Area where bombs landed 75 years ago is commemorated in Lowestoft

Roger Smith (left) and Bob Collis (right) of the Lowestoft Aviation Society present Lynne Maynard an

Roger Smith (left) and Bob Collis (right) of the Lowestoft Aviation Society present Lynne Maynard and Bob Cowan with a picture of the bombed-out ruins of the ‘Clarendon Stores’ PH. - Credit: Archant

It caused damage and destruction in the heart of our town as the Second World War continued to escalate.

The front of the old Clarendon Stores building on London Road North. Pictures: Mick Howes/Supplied

The front of the old Clarendon Stores building on London Road North. Pictures: Mick Howes/Supplied - Credit: Archant

And now, 75 years on from an air raid which destroyed a popular Lowestoft pub, a presentation has been made to the coffee shop now standing on the same spot.

Chairman of Lowestoft Aviation Society, Roger Smith, and historian Bob Collis, presented a framed picture of the wrecked building to Lynne Maynard and Bob Cowan, who run the Coffee Heart shop.

The business, on London Road North, now sits on the spot of the former Clarendon Stores pub, which was damaged beyond repair on the morning of February 4, 1941, as a result of a direct hit from a HE bomb.

A Dornier Do17Z bomber from Luftwaffe unit 4/KG.2, had departed from France in clear conditions – tasked with a bombing raid against RAF Mildenhall in Suffolk.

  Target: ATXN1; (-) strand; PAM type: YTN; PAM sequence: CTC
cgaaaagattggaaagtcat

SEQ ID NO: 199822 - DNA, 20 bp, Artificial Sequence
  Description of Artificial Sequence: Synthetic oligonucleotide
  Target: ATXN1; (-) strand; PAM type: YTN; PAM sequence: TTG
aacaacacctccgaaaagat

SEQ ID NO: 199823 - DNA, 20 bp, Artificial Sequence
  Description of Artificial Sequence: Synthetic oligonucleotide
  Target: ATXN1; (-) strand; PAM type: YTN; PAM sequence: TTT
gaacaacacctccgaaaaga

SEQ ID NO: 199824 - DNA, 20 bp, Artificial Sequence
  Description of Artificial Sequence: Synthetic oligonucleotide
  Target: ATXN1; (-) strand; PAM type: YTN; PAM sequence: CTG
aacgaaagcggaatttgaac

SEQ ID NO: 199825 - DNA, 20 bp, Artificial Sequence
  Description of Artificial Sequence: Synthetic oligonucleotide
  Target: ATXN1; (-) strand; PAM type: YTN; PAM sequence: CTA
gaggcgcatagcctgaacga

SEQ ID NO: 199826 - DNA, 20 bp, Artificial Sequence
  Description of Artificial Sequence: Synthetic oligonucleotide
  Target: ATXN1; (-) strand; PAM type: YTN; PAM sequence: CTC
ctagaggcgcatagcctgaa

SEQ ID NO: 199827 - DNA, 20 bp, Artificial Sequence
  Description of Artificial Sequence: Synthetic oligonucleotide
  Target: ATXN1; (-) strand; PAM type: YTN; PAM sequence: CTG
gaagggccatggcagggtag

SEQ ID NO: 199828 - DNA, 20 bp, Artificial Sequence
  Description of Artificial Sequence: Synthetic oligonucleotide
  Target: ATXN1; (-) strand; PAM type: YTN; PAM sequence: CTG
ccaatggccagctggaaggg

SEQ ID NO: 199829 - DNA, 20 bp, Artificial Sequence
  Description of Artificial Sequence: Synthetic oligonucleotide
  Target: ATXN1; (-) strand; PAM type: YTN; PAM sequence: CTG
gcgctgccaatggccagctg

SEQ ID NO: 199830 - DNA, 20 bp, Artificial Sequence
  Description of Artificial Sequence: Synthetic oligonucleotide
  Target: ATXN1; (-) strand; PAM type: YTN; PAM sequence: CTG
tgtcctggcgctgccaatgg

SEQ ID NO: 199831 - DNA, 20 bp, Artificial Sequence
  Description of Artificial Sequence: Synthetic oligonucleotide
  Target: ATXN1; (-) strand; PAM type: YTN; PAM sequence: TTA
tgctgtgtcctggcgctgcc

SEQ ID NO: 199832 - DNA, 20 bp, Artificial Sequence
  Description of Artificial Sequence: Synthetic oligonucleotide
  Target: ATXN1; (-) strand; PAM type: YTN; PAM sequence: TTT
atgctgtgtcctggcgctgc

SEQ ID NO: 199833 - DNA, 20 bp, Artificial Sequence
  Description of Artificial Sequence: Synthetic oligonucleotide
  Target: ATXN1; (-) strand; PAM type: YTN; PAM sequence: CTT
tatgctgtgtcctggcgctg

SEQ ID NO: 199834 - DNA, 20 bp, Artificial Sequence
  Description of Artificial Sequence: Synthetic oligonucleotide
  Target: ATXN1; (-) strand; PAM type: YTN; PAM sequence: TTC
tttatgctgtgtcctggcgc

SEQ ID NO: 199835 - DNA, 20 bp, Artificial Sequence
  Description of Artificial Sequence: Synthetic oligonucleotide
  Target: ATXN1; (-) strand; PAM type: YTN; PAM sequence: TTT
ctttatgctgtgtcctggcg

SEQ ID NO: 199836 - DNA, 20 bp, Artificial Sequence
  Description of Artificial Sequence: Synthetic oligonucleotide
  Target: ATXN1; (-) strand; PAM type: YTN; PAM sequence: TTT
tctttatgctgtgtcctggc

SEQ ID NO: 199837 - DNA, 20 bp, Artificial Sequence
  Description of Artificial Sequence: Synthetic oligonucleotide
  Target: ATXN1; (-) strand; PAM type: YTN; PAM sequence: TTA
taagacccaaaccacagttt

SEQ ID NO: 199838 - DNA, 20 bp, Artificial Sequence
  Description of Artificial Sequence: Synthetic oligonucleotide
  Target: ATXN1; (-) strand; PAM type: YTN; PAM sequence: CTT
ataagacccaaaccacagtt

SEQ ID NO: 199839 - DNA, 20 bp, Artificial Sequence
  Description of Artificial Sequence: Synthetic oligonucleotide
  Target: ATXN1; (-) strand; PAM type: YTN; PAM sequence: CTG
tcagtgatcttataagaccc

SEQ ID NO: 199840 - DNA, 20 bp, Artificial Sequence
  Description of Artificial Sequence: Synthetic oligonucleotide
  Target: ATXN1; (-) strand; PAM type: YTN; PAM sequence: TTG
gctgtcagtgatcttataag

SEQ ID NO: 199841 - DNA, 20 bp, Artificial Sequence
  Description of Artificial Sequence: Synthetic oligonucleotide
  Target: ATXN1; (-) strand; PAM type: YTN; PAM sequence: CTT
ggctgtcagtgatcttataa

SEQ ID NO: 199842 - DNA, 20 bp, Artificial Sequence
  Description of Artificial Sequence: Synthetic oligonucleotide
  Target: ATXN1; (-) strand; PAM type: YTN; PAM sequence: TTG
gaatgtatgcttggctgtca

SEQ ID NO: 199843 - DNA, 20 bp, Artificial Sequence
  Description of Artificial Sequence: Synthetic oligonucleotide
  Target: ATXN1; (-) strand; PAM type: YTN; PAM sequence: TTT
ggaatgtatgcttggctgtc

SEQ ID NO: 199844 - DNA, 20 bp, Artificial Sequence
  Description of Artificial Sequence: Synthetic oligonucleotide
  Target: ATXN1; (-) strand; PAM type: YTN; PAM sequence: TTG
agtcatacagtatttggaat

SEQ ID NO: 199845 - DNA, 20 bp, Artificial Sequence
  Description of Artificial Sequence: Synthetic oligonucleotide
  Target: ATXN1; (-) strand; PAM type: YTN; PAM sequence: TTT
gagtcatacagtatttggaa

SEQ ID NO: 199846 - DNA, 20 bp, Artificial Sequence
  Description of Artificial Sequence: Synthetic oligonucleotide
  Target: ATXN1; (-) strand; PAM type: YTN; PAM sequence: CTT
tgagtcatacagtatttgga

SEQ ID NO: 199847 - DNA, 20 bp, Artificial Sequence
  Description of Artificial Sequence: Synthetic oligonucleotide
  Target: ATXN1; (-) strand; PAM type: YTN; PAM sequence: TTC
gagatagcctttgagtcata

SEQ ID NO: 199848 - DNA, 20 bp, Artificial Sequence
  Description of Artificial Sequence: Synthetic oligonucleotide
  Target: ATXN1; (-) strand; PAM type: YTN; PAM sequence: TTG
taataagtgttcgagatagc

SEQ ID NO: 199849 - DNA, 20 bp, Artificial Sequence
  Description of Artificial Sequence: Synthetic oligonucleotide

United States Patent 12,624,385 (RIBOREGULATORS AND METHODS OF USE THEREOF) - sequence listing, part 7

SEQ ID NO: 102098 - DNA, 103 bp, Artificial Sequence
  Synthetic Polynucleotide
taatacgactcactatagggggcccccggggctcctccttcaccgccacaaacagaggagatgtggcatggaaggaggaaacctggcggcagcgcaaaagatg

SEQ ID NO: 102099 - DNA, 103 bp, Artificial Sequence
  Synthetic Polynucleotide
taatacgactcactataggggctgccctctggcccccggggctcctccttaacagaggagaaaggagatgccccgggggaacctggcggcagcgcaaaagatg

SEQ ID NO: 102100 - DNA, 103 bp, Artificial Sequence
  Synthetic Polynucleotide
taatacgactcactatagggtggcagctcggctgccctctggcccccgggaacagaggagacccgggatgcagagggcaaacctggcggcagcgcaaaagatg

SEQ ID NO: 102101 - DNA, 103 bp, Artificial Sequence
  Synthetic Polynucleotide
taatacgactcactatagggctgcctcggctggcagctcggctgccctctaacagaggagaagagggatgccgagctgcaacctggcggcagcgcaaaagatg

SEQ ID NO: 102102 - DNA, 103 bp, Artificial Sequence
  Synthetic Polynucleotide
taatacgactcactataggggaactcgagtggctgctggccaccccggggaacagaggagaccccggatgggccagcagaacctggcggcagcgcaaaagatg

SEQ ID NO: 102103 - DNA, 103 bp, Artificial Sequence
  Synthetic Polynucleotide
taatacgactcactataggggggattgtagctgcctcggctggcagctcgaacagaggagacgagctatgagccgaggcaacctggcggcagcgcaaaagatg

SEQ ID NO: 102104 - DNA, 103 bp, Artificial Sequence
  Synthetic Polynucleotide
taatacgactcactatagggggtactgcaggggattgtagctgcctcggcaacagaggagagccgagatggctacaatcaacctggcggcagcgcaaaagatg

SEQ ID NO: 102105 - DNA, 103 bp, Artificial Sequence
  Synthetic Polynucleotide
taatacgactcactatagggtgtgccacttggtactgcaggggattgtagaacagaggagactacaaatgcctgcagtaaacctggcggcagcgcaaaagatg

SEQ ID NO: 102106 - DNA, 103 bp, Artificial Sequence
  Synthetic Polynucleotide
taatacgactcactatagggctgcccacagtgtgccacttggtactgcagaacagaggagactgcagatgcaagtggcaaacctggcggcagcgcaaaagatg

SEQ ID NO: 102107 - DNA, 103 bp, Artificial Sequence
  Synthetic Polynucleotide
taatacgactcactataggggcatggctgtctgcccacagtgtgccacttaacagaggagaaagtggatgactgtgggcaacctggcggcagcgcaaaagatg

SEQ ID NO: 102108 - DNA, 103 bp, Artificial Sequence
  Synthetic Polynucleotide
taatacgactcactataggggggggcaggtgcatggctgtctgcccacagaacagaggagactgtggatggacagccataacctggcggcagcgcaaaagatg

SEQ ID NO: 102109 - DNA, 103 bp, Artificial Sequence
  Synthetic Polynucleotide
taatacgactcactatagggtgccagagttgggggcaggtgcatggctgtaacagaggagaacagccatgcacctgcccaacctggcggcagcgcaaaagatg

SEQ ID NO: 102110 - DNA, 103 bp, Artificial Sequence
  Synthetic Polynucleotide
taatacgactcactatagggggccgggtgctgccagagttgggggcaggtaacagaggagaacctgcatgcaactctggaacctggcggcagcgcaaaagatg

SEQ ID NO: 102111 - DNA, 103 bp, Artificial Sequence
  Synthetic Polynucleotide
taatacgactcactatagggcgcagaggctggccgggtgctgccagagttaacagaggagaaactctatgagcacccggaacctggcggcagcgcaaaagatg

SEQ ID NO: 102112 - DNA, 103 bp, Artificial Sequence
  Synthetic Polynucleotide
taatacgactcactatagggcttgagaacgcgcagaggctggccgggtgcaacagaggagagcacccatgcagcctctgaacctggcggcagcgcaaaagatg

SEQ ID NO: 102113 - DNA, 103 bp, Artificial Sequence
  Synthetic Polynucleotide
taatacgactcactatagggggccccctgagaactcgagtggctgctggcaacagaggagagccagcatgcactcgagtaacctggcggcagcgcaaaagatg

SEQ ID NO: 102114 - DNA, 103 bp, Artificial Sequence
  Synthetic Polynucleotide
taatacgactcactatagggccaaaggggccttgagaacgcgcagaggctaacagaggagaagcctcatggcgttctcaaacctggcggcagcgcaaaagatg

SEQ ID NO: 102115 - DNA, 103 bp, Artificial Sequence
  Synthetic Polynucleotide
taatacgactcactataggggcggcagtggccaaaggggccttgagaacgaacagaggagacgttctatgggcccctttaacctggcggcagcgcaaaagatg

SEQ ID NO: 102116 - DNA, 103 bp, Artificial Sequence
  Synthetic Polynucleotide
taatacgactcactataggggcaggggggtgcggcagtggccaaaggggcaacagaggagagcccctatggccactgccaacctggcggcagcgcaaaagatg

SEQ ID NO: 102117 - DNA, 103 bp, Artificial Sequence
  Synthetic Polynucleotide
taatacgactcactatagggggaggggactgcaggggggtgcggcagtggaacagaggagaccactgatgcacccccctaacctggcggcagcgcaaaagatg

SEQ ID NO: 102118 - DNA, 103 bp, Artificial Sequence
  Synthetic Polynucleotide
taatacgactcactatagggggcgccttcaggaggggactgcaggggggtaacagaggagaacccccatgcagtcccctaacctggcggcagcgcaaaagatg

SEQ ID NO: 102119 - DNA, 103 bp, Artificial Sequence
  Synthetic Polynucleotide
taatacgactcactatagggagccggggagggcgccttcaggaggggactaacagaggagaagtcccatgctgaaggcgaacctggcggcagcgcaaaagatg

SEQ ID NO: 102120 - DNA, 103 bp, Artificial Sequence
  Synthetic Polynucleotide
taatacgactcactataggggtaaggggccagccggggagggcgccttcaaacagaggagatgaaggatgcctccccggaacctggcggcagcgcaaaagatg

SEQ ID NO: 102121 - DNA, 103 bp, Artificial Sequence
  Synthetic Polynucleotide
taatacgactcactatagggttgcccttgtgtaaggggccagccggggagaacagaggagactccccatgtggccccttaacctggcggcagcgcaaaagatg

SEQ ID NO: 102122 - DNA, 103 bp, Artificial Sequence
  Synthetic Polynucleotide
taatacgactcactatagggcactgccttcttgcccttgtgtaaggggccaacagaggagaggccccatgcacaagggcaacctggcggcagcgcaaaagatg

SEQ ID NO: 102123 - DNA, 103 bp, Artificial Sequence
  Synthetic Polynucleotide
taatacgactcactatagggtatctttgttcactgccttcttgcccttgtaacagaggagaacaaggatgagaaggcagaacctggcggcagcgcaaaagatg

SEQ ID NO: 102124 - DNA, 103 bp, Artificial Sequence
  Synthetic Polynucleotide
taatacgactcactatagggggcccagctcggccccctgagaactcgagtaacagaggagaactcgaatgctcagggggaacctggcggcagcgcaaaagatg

However, it was intercepted by two Hurricanes from RAF Coltishall as it crossed the coast, and was chased northwards across the town at about 9.23am.

As it tried to escape the RAF fighters, the German crew jettisoned their 18 x 50 kg bombs, which fell in a line between the harbour and Compass Street – near the Town Hall.

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Among the buildings also damaged or destroyed by the bombs were the Congregational Church, the Old Public Hall and a house in St Peter's Street – where two people were killed.

A short while later, the Hurricanes, flown by Pilot Officer Barnes and Sergeant Brejcha, brought down the Dornier aircraft, which crashed in the sea off Corton killing three crew members.

The fourth member of the crew, Feldwebel Waldemar Blaschyk, the aircraft flight engineer, survived after he parachuted into the sea.

He was captured by a vessel from Great Yarmouth and brought ashore as a Prisoner of War.

At the short presentation, held on Thursday, February 4, the framed and annotated photo – prepared by Simon Baker – was handed over.

Mr Collis said: 'We hope the picture will generate a bit of interest from your customers, but more importantly, we hope it will remind people of what a previous generation of Lowestoft folk endured, so that we can live the lives we do today.'

Mr Cowan, of Coffee Heart, thanked the Lowestoft Aviation Society on behalf of previous site owners.

He also paid tribute to the wartime emergency services, as well as the forces for their service.

Do you have a Lowestoft heritage story? Email joe.randlesome@archant.co.uk

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